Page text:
Pictures and videos of death are always controversial. How far can photographer/ film-maker go to make a vision of a dead body visually attractive? Is it morally justified to reorganise and direct scenes of suffering to achieve more shocking/ touching effect? And – last but not least – can you based your career on documenting misery of the others? ‘Nightcrawler’ is a movie which is centered around all these questions.
The director, Dan Gilroy, sees the analogy between shooting from a gun and taking/shooting photos. He deconstructs the schematic perception of the image of suffering that is mediated by media (here TV is a main one) and injected between the sports and weather news. He makes us understand that the dramaturgy of TV-news is not accidental or random, but has its director. Each reportage is a different piece of art that can be described as both – documentary and commercial illusion that was made to scare and interest the audience. Gilroy focuses on exposing the problem of death’s and suffering’s media attractiveness.
‘Nighcrawler’ tells the story of Lou Bloom (awesome Jake Gyllenhaal), an unemployed man who desperately looks for a job. Finally he gets the idea to film the nightly accidents and crimes, and then sell his materials to the local television. In the beginning he is counting on the good luck and his natural talent for catching moments. Unfortunately, money turns his new profession in a sick obsession. Being a reporter/ journalists, who cares about the truth, turns into being a poacher. Lou begins his hunting. What he wants is a well-presented tragedy. No risk, no fun (no fortune). To achieve the effect which will shake and move the audience, he will be putting his own life in danger, but – what’s even more scary – he will completely ignore the basic rules of morality and journalistic ethics. His method will be based on the rule of negation. He will negate good taste and boundaries between making a crime and being a criminal.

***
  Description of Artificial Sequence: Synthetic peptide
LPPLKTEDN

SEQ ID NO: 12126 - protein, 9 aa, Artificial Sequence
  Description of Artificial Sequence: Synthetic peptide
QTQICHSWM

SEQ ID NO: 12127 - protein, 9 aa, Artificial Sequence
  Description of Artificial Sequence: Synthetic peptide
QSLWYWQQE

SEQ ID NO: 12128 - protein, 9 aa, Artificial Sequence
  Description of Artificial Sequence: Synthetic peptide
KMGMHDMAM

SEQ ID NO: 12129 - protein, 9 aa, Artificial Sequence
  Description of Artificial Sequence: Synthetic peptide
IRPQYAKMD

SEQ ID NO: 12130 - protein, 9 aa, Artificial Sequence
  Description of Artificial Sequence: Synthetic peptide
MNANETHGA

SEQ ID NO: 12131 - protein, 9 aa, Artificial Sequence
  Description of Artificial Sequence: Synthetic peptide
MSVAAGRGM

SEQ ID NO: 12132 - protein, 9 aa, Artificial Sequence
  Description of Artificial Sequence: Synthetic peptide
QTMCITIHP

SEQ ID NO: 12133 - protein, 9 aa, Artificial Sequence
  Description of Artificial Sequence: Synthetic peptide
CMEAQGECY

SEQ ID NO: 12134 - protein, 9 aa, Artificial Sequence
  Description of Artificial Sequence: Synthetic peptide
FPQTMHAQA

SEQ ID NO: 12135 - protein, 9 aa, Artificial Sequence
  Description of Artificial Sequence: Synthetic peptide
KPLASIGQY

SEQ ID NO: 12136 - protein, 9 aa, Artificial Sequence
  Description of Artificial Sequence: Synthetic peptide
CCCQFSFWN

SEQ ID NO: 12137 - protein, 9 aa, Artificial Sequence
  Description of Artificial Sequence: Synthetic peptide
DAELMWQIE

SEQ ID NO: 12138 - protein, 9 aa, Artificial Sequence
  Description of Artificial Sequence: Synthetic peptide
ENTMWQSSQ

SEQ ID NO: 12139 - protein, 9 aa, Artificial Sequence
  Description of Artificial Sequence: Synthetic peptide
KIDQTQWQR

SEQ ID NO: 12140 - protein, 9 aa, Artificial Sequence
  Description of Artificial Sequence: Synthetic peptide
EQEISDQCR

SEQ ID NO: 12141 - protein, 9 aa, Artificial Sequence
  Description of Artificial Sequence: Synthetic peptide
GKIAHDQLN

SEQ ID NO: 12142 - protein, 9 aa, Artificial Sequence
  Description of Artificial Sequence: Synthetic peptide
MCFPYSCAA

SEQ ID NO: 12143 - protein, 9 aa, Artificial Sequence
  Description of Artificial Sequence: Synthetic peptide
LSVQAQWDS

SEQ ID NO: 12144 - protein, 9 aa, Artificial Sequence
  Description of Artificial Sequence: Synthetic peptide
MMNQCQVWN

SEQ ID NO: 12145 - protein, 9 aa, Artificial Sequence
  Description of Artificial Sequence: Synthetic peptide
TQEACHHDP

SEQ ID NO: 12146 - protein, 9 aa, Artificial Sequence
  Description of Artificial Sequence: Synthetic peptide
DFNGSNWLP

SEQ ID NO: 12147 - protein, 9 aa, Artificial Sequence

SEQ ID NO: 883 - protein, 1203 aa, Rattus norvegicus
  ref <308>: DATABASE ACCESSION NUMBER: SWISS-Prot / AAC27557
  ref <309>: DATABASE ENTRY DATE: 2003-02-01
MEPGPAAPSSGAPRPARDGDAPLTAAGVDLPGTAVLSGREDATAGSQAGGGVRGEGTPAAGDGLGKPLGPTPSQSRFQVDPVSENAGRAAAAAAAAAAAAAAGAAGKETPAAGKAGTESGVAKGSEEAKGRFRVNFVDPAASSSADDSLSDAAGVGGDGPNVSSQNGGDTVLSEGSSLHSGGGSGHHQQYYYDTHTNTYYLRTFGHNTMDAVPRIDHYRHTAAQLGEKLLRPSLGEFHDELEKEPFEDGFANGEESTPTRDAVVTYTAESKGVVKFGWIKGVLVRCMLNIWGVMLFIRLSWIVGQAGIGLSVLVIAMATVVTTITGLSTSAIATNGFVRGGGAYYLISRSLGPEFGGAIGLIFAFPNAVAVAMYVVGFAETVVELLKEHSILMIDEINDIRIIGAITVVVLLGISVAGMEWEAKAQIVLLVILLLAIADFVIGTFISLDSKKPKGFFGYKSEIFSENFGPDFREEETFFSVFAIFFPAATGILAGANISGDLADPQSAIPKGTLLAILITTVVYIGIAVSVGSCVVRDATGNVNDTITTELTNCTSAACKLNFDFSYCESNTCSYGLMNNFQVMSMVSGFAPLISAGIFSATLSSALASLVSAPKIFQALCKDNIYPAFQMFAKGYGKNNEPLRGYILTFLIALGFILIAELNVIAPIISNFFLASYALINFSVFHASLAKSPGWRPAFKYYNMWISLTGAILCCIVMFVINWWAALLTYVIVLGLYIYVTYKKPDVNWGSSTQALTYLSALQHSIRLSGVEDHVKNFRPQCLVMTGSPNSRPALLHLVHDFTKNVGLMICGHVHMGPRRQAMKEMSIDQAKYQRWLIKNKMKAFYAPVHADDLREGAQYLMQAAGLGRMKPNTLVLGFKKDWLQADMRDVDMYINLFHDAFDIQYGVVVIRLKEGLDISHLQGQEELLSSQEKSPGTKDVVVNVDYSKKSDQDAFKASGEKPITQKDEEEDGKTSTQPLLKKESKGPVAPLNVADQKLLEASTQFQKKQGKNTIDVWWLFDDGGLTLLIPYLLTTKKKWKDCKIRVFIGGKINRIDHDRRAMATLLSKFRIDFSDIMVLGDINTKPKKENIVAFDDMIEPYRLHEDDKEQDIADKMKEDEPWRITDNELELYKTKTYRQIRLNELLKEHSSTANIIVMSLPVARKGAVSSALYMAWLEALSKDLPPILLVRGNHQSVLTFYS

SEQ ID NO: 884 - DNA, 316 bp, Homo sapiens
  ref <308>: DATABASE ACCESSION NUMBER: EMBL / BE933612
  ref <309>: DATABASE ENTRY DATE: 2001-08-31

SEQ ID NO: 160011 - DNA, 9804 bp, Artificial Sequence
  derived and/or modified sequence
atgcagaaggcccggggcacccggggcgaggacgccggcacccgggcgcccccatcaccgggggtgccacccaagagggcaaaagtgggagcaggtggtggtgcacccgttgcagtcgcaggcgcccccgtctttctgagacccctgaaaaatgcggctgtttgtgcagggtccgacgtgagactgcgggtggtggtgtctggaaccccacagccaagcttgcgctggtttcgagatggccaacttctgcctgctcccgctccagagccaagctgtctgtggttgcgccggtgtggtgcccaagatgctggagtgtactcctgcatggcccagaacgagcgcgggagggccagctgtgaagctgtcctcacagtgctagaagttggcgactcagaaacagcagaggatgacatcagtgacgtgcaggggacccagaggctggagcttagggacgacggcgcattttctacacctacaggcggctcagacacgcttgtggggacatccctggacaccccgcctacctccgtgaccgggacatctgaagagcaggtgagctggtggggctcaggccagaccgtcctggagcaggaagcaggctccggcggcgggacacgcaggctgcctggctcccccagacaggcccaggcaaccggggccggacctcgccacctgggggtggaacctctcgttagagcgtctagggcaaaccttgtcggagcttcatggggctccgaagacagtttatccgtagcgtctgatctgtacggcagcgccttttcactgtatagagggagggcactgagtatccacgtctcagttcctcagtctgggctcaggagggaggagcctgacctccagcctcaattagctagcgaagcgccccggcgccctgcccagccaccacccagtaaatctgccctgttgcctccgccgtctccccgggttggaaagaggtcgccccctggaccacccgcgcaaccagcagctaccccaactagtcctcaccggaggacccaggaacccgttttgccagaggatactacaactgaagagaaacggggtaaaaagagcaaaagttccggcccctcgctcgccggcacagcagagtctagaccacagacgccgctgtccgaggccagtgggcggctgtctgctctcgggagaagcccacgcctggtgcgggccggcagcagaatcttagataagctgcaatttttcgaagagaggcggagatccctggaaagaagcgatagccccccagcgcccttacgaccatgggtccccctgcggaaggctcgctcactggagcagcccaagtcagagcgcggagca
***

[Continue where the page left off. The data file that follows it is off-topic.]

The director bluntly criticizes of media sensationalism. His negative assessment touches not only journalists that have forgotten about the prerogative of telling and showing not-manipulated truth, but also attacks the mentality of the whole modern world – of those who are deriving the perverse pleasure from watching the suffering and pain of others, and of those who are paying for these images without asking if they present the reality or its photoshopped/ directed illusion. Everyday news are presented here as a tasty dessert for the audience that is always hungry and thirsty of sensations, dramas, and proves of others misery. What’s important – Lou could be anyone. The director is using concretes to tell the universal story of so called ‘rat race’, which often sucks out people’s empathy and morality.